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Our History

White stone statues of Mother Seton reading book with two children

Two centuries ago, Elizabeth Ann Seton and a small band of Sisters moved into the Stone House in St. Joseph Valley, Emmitsburg, Maryland, to formally establish the Sisters of Charity of St. Joseph's.

Seven months later, on Feb. 22, 1810, the Sisters welcomed three Emmitsburg girls to their newly built school, St. Joseph Free School for Girls.

The school quickly evolved into St. Joseph's Academy and Free School. Mother Seton accepted girls whose wealthy families wished their daughters to be educated in a strong Catholic environment.

Thus was planted the seed that has grown to maturity as the Seton Legacy of Catholic Education. Welcoming all students regardless of ability to pay became a distinctive characteristic of the Seton Legacy.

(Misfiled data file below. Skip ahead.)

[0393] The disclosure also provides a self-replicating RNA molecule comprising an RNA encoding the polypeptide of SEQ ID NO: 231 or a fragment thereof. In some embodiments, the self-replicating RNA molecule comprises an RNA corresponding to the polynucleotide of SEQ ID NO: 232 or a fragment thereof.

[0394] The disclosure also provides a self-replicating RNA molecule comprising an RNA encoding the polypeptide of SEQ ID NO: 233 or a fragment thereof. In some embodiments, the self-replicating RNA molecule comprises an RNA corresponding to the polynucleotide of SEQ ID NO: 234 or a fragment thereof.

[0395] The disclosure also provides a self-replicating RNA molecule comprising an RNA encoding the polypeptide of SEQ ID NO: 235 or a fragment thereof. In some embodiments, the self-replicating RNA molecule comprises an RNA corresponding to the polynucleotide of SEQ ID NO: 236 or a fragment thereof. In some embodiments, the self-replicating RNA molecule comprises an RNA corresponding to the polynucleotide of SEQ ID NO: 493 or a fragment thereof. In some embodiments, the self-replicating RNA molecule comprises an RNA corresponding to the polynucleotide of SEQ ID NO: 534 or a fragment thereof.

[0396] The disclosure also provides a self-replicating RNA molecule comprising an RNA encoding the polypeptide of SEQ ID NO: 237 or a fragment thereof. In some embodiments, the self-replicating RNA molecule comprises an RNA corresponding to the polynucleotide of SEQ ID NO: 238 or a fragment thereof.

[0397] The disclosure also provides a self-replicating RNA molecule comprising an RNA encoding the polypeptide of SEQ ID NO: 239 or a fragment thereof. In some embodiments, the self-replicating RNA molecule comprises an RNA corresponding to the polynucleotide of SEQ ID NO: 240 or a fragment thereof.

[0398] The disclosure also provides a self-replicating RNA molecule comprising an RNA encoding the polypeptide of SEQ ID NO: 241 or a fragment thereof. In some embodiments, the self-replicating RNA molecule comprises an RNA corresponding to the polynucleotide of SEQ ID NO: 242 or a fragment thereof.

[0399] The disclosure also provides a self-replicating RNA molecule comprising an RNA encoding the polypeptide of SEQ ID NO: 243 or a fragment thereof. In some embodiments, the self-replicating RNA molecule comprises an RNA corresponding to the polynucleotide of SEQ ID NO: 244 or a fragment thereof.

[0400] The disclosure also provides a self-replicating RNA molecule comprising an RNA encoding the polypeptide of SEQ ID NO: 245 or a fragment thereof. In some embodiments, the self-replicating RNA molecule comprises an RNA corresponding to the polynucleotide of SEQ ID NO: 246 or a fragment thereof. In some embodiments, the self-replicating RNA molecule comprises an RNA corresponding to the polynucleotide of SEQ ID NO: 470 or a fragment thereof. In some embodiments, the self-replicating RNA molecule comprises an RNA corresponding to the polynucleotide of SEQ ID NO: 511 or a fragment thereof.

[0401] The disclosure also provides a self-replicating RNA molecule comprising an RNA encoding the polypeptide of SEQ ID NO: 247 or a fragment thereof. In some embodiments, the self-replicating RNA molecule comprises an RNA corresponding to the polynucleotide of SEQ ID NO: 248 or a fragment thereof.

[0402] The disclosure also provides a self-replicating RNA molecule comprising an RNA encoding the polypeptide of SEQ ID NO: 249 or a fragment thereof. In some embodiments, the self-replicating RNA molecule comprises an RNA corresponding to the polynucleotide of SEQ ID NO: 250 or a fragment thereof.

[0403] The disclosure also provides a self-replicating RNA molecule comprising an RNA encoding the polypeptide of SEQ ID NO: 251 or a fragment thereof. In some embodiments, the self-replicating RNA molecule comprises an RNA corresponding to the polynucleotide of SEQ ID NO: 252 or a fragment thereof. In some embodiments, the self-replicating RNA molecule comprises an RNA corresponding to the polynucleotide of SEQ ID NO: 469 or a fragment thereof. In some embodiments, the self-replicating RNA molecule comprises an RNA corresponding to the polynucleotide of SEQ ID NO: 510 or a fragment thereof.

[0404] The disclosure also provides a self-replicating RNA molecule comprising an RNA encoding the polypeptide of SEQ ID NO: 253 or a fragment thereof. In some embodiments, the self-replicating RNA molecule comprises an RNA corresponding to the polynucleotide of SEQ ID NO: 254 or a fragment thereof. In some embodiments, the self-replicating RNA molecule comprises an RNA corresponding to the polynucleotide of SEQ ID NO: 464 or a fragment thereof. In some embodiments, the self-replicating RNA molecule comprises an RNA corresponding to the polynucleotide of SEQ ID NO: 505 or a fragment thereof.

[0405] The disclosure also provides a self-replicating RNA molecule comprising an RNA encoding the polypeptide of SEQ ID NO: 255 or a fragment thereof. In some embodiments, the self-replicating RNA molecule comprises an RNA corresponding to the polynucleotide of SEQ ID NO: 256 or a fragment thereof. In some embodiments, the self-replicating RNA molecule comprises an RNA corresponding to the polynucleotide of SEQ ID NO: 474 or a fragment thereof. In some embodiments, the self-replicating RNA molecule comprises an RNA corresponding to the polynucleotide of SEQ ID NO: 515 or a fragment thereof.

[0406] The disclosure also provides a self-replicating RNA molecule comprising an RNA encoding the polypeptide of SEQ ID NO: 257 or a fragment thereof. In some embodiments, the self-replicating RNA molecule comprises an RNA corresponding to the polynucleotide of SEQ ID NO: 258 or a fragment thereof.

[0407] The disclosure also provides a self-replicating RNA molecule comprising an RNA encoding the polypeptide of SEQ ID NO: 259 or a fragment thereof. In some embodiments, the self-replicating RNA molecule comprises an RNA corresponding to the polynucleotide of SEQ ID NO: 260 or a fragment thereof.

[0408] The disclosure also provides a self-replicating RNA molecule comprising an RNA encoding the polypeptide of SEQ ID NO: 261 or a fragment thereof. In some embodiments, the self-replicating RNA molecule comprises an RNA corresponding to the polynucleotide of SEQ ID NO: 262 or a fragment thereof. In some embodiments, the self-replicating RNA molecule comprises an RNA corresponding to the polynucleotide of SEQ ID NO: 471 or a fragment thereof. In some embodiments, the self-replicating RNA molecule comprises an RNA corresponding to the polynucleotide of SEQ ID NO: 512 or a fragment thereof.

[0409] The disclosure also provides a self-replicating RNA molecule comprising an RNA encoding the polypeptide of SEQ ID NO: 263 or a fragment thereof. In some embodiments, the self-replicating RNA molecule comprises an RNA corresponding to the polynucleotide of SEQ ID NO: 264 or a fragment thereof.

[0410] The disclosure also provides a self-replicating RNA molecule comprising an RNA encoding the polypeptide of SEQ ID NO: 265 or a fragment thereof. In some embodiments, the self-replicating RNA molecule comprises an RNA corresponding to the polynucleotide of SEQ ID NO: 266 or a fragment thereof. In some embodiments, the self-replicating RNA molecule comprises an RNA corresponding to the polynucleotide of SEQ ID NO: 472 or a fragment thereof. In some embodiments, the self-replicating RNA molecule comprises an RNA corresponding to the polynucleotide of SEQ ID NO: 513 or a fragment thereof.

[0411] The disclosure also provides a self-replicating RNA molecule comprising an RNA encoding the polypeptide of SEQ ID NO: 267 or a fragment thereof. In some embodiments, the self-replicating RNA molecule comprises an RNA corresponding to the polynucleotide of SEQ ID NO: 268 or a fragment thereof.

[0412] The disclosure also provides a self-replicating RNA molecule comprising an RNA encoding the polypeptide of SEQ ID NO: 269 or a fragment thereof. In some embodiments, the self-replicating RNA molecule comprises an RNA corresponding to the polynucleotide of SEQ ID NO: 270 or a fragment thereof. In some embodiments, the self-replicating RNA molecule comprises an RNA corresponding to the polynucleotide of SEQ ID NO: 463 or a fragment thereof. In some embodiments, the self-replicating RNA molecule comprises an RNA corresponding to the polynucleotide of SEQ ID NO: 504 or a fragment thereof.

As a pioneer in Catholic education, St. Joseph's Academy and Free School continued to grow, becoming the cradle of Catholic education for the nation.

St. Elizabeth Ann's all-embracing love of God and neighbor continues to thrive within the walls of Mother Seton School, now a school for boys and girls in Pre-K through eighth grade. Solid academics are complemented by solid values: daily prayer, religious instruction, liturgy, Christian formation of students, service learning and outreach are integral to the educational program at Mother Seton School.